A Real Money Theory
This short note has been produced to summarize the reasons why the quantity theory of money (QTM), which has turned out to be unable to explain the impact of quantitative easing, is flawed.
This note provides the final conclusion to two previous explorations:
- A Real Theory of Money – CHEPE – 26 March, 2020 - ISBN: 978-0-907833-30-7
- A New Theory of Money – CHEPE – 03 May, 2020 - ISBN: 978-0-907833-31-4
These explorations were undertaken to unravel the inability of the quantity theory of money (QTM) equation to explain the results of quantitative easing.
The deterministic or functional relationships that relate money volumes and interest rates to price inflation do not reside within the QTM. This is why proponents of monetarism are unable to explain the mechanisms whereby money volumes and interest rates influence price levels2
The quantity theory of money (QTM) is not a determinant model because it provides no functional components to represent the means whereby money volumes influence inflation. This is a logical consequence of inflation having no direct relationship to the volume of money or interest rates, as established by the Real Incomes Approach to Economics. The causes of inflation have been described in the 1981 paper in this series which was a reprint of the original, released in Rio de Janeiro, in 1976.
The current formula for the QTM does not account for non-circulating money in the form of savings or asset holdings.
The common QTM equation was developed by Irving Fisher and others as:
M.V=P.T .... (i)
M is money supply;
V is velocity of circulation;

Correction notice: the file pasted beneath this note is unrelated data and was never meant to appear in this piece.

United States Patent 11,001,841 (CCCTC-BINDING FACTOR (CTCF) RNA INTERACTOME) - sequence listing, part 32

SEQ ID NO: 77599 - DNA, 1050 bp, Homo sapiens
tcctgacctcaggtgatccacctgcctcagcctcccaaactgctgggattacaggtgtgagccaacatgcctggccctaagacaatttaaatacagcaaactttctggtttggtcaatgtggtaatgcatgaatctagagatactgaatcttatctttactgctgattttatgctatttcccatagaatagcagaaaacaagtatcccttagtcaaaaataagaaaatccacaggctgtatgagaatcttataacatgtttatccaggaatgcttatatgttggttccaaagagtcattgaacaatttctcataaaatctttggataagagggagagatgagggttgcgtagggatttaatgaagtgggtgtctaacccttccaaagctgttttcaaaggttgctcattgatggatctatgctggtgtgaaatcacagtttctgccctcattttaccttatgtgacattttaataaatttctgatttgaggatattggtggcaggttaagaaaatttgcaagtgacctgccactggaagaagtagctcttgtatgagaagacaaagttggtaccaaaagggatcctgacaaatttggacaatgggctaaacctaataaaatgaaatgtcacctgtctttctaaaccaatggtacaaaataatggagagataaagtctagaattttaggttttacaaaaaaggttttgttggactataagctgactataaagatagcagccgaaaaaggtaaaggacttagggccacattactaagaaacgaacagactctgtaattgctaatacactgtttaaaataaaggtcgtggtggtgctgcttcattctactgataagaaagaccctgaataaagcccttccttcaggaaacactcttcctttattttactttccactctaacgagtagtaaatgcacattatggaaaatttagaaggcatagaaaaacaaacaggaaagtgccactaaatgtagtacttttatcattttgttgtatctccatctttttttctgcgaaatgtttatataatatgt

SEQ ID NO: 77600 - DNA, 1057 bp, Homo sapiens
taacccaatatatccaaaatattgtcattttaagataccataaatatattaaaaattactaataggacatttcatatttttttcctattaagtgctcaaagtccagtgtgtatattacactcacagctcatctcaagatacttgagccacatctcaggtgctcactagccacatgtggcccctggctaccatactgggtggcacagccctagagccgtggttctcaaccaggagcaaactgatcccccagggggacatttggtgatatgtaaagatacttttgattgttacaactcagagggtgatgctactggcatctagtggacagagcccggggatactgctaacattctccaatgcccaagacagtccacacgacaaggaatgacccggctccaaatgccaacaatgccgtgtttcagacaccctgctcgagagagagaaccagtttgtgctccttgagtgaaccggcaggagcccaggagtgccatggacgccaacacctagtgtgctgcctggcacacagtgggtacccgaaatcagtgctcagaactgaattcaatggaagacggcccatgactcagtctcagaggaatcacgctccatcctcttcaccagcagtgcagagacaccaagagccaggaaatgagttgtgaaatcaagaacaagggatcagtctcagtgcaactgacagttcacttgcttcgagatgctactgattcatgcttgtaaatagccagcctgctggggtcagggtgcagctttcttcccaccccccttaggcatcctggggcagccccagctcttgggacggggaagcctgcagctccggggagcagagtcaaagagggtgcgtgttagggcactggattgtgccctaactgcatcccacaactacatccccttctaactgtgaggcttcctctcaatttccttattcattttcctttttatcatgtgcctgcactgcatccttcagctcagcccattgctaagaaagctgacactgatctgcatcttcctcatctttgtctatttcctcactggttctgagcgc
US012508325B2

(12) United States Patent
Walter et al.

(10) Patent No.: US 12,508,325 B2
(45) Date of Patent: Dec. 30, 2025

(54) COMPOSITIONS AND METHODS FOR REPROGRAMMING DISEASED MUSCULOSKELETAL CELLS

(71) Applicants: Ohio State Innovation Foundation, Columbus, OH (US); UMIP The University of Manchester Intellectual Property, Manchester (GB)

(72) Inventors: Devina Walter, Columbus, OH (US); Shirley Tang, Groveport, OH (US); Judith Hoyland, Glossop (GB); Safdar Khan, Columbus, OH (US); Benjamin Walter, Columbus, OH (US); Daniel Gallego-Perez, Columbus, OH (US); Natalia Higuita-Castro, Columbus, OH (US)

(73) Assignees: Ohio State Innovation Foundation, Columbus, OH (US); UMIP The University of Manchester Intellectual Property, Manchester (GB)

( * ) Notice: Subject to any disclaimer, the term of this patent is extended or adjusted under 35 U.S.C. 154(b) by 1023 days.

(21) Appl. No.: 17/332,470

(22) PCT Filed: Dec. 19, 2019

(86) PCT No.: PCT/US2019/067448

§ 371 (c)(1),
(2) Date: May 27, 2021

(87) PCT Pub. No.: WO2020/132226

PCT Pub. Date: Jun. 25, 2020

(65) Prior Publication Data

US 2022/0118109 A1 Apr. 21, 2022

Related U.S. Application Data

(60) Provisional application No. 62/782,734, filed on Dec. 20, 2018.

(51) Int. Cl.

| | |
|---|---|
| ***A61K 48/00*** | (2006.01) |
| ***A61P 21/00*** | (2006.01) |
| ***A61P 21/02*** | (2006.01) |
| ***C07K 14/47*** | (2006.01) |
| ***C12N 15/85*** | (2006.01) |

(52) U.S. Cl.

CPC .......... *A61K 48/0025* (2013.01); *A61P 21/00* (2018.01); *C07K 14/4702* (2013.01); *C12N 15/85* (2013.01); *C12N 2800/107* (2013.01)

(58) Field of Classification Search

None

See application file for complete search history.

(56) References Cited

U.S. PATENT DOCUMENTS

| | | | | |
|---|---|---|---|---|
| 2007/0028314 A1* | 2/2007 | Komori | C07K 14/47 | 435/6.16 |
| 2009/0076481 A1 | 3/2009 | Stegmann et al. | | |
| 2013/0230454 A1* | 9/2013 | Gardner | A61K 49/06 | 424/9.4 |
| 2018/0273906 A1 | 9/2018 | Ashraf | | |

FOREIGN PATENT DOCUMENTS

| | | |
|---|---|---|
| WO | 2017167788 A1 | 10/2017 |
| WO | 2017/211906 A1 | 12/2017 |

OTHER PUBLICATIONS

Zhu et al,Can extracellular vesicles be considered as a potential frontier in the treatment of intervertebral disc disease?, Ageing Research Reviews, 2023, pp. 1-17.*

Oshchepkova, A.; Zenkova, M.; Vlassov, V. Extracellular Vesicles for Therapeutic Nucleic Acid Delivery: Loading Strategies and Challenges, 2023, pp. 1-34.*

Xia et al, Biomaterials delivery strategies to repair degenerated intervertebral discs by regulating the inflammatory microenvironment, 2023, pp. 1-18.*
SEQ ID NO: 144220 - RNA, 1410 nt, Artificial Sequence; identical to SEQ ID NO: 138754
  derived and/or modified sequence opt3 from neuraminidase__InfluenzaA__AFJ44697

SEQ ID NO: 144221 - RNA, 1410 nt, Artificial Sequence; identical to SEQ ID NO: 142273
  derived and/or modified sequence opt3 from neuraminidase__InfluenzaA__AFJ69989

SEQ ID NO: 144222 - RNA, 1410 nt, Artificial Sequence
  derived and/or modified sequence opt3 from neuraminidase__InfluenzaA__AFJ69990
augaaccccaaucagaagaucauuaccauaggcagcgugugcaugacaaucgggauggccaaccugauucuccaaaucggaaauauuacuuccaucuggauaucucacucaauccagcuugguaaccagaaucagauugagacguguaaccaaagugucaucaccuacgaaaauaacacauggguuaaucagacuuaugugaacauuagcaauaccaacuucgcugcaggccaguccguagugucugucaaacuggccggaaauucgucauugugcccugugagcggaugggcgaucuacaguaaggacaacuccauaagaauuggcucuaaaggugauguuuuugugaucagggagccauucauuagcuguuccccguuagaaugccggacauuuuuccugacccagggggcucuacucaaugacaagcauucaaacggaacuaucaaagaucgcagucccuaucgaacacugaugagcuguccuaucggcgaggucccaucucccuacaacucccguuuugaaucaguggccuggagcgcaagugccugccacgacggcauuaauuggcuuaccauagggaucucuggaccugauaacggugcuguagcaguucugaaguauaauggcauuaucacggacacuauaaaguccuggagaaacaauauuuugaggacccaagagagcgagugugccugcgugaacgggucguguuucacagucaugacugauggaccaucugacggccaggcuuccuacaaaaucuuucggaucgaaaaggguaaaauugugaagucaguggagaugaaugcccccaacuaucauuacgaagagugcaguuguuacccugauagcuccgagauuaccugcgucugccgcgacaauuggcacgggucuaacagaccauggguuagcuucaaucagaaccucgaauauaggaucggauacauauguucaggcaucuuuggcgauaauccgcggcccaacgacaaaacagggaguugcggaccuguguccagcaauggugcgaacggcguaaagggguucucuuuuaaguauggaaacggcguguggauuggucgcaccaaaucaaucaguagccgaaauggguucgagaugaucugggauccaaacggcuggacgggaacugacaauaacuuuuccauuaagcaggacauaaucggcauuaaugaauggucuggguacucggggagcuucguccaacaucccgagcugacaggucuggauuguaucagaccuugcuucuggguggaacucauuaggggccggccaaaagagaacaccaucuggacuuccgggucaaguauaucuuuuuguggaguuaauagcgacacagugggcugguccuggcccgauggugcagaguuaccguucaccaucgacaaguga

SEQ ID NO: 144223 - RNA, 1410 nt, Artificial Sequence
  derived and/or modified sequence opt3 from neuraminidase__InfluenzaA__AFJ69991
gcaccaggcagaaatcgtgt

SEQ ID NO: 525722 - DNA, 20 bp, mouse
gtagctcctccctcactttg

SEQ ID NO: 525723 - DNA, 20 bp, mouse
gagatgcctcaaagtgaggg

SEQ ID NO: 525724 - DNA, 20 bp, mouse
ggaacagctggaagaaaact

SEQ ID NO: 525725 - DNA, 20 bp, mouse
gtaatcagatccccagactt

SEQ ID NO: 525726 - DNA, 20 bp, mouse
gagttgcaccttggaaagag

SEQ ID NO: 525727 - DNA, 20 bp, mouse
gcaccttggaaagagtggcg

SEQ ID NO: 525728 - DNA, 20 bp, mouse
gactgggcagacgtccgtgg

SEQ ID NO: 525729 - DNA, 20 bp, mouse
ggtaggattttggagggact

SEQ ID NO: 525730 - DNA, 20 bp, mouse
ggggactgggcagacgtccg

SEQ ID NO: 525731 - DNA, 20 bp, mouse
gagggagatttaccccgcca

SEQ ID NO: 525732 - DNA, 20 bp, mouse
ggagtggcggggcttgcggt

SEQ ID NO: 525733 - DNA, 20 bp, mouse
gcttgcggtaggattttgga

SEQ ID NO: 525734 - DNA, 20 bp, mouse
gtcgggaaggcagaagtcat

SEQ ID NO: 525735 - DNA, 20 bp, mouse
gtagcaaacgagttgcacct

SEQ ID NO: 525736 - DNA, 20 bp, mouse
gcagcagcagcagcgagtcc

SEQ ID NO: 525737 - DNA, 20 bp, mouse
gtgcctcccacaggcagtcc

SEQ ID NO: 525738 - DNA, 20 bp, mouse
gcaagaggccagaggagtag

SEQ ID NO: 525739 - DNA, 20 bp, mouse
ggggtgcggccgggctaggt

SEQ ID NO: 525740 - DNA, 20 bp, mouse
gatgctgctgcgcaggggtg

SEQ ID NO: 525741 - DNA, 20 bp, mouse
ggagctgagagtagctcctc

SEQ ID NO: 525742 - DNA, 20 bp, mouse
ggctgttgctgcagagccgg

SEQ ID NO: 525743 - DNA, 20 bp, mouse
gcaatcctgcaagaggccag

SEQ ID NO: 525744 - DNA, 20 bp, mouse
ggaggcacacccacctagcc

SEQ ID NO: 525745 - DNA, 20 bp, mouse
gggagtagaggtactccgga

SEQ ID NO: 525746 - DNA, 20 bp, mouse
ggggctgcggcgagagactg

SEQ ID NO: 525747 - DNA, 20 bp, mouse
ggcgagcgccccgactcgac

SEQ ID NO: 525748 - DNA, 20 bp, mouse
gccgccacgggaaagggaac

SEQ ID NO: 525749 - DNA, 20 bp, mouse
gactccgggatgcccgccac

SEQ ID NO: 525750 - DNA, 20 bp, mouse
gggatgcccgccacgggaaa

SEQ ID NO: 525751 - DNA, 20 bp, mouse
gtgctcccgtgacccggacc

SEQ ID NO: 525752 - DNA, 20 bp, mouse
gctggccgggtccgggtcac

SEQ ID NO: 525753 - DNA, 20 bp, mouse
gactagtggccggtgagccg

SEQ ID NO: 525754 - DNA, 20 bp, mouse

P is average price level;
T is volume of transactions of goods and services.
According to the QTM, increasing money volume increases P.T. Quantitative easing (QE) is an extreme form of “expansion” combining large M and a low, close to zero, base interest rates.
The “theory”, according to monetarists, was that QE would help banks build up their balance sheets following the 2008 crisis and investment and growth would take place with a probability of a tail end inflation which would be “controlled” by raising interest rates. The “logic” of this transition was the QTM.
However, the outcome has been insipid economic growth, falling investment and productivity and falling real incomes in the real productive economy.
The most direct outcome of QE has been a significant investment in assets (land, commodities, precious metals, share-buy backs) for speculative rather than productive reasons.
Clearly the QTM possesses no variable to explain this combination of circumstances and it is therefore of doubtful value as a transparent deterministic model.
The Cambridge equation
In the development of a more realistic substitute for the QTM, to reflect the actual outcomes of changes in money volumes, the Cambridge equation, based on contributions from Marshall, Pigou and Keynes, was a modification of the QTM where an additional determinant “k” was included to account for savings as a non-circulating asset.
M = k. P. Y .... (ii)
On further examination this equation makes "k" a component of M but its functional relationship is not explicit. It appears as a multiplication whereas it should be an additional component alongside (P.Y) so it should be added to (P.Y) to create a sum equal to M.
Therefore, from the standpoint of a decision analysis model, to be able to simulate and project the impact on real incomes, the appropriate format is of the form:
M = (P.Y) + k …. (iii)
This is because k reduces the “active” or “transactional funds” in the economy which are to be found in (P.Y).
In order to isolate and quantify the resulting real incomes element, the savings component needs to be transferred to the left of the equals sign as an amount that reduces M.
M – k = (P.Y) …. (iv)
The real economy
The real economy is made up of the productive activities and the transactions between economic units within factor supply, produce and consumer markets. Savings and asset holding do not feature in this transactional economy and remain separate until used in liquid form, as cash, within the real economy. The real economy is essentially P.Y.